On Wednesday night, just before the filing deadline, Ghislaine Maxwell’s lawyers submitted a motion for a new trial, aiming to dismiss her December conviction on sex-trafficking charges. Maxwell’s defense initially requested a new trial and indicated they would file a motion to that end earlier in January, after a juror revealed to a reporter that he may have omitted pertinent information during the selection process. On Wednesday, they filed the motion under seal and asked that all submissions be sealed until U.S. District Judge Alison Nathan makes her ruling.

“Today, counsel for Ghislaine Maxwell filed her Motion for a New Trial (the “Motion”) and accompanying exhibits under seal,” said a Jan. 19 letter from attorney Bobbi Sternheim to Judge Nathan. “For the reasons set forth in the Motion, we request that all submissions pertaining to Juror No. 50 remain under seal until the Court rules on the Motion.”

Maxwell’s closely watched sex-trafficking trial began shortly after Thanksgiving in New York’s Southern District, where the British socialite stood accused of helping procure underage girls for the late financier and sex offender Jeffrey Epstein. Throughout the monthslong proceedings, four accusers shared intimate and graphic details of abuse they’d endured during their teenage years by Epstein and how Maxwell had groomed them for it and, at times, participated. Recounting their experiences, they often wept on the stand. On Dec. 29, the Maxwell was found guilty on five of the six charges she faced, including enticing a minor to travel to engage in illegal sex acts and sex trafficking a minor.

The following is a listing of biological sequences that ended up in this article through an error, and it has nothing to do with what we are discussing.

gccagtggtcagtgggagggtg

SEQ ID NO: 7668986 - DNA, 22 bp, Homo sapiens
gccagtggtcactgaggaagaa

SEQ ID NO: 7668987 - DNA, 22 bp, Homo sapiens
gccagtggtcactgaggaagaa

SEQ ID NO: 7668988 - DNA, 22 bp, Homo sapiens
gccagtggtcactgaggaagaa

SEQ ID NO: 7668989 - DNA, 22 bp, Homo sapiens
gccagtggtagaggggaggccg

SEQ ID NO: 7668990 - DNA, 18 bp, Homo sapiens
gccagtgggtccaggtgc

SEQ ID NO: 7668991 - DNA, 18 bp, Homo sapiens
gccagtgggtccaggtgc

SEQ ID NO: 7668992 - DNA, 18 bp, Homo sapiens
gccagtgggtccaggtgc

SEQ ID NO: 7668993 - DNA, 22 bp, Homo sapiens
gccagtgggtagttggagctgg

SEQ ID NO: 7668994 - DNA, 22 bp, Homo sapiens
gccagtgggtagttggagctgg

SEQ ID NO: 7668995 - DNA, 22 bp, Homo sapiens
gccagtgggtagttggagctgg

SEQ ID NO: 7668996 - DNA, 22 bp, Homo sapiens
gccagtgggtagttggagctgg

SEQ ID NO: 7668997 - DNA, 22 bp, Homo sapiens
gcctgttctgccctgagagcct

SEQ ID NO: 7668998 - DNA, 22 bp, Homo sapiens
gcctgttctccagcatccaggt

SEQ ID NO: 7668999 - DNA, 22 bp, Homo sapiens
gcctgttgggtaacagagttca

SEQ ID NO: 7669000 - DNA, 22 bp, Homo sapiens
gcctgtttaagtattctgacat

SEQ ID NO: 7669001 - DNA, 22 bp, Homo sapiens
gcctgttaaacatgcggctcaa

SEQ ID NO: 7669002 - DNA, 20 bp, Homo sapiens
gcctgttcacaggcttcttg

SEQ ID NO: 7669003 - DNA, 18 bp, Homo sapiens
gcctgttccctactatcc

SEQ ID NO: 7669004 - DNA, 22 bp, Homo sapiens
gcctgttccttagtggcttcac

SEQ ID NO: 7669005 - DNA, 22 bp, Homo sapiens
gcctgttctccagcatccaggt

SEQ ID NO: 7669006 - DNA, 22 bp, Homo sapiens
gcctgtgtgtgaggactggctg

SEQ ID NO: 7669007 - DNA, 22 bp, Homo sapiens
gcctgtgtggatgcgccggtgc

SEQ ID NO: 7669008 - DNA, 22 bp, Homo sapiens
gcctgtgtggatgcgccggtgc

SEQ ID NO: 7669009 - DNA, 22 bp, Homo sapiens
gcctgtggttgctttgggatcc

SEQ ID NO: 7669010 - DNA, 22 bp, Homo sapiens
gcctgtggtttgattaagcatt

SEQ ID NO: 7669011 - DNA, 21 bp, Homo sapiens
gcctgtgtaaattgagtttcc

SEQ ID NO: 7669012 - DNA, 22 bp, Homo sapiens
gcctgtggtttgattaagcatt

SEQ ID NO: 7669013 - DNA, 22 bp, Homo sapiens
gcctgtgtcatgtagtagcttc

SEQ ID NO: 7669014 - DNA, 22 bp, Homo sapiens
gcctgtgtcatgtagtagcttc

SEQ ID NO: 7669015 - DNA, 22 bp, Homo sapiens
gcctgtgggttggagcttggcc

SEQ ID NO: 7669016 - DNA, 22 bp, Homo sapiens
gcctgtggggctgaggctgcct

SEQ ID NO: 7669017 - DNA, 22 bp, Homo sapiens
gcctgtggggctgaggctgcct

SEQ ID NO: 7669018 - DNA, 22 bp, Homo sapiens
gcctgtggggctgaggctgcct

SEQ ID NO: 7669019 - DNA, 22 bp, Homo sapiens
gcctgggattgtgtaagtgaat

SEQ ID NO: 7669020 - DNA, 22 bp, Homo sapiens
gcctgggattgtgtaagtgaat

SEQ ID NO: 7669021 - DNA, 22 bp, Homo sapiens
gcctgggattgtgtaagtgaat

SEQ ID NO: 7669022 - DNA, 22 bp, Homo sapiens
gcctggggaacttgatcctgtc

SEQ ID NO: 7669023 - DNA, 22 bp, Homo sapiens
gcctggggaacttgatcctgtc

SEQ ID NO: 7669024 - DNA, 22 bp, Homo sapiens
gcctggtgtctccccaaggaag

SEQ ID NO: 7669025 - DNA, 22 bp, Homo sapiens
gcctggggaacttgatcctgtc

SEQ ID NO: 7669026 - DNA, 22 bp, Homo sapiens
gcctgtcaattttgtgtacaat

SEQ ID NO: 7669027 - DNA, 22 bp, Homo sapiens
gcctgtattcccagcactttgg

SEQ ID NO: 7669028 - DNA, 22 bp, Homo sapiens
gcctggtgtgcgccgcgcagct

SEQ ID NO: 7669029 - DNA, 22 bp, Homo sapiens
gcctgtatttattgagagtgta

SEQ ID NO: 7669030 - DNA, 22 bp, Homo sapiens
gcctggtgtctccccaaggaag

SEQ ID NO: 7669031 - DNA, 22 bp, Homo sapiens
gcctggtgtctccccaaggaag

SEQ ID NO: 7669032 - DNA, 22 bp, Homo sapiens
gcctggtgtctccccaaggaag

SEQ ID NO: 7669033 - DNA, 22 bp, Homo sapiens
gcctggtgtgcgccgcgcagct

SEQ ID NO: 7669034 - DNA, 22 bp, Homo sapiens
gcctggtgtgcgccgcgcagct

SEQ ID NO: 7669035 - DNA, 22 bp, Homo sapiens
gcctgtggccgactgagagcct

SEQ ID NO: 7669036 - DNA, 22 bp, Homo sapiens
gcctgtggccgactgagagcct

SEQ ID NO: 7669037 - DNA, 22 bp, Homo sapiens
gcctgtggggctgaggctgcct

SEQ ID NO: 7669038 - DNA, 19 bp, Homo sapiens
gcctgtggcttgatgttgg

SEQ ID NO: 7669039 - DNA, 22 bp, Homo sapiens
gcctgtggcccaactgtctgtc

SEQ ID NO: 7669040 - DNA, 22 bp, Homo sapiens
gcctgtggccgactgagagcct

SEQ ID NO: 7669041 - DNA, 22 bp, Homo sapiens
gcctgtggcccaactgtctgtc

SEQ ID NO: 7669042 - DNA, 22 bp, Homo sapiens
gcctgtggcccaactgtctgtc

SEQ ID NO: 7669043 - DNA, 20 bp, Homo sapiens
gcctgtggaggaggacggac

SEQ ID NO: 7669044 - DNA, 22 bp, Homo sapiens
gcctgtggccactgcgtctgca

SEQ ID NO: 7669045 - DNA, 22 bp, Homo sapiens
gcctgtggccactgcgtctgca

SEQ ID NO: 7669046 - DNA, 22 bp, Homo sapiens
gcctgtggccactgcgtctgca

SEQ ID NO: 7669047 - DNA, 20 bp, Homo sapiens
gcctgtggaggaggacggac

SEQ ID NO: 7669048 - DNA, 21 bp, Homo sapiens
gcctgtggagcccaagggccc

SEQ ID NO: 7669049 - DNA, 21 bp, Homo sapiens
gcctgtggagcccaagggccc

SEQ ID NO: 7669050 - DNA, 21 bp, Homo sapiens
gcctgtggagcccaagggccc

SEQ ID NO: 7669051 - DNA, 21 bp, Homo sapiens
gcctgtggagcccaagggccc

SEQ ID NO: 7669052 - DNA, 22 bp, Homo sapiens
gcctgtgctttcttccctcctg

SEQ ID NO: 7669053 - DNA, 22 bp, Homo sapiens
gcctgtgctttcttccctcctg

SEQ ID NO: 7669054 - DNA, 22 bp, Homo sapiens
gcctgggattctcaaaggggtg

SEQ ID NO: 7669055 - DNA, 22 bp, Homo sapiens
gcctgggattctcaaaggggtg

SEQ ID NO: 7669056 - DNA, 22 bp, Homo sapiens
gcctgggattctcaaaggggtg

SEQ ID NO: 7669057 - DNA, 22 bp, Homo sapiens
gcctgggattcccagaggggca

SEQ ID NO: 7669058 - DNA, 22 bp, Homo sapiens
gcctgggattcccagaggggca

Now, a post-trial interview threatens those results. Days after the verdict was announced, a juror, released from his obligation not to talk about the case, gave a celebratory interview to The Independent in which he discussed convincing fellow jurors to believe survivors of sexual abuse by sharing his own experience as an abuse survivor during deliberations. “This verdict is for all the victims,” said the juror, who identified himself by his first and middle name only, Scotty David. 

Unfortunately for the security of the verdict, however, Scotty David also revealed to the press that he could not remember being asked about his experience with sexual abuse during jury selection, either on the 51-question jury questionnaire — which included a question on whether you or any friends or family members have been the victim of sexual abuse or sexual assault — or during follow-up questioning known as voir dire. The possibility that he’d lied during the selection process and then gone on to play an influential role in deliberations was enough to trigger this motion for a new trial by Maxwell’s defense. The prosecution has until Feb. 2 to respond. On Thursday morning, the judge had not yet addressed to the request to seal all submissions related to the juror.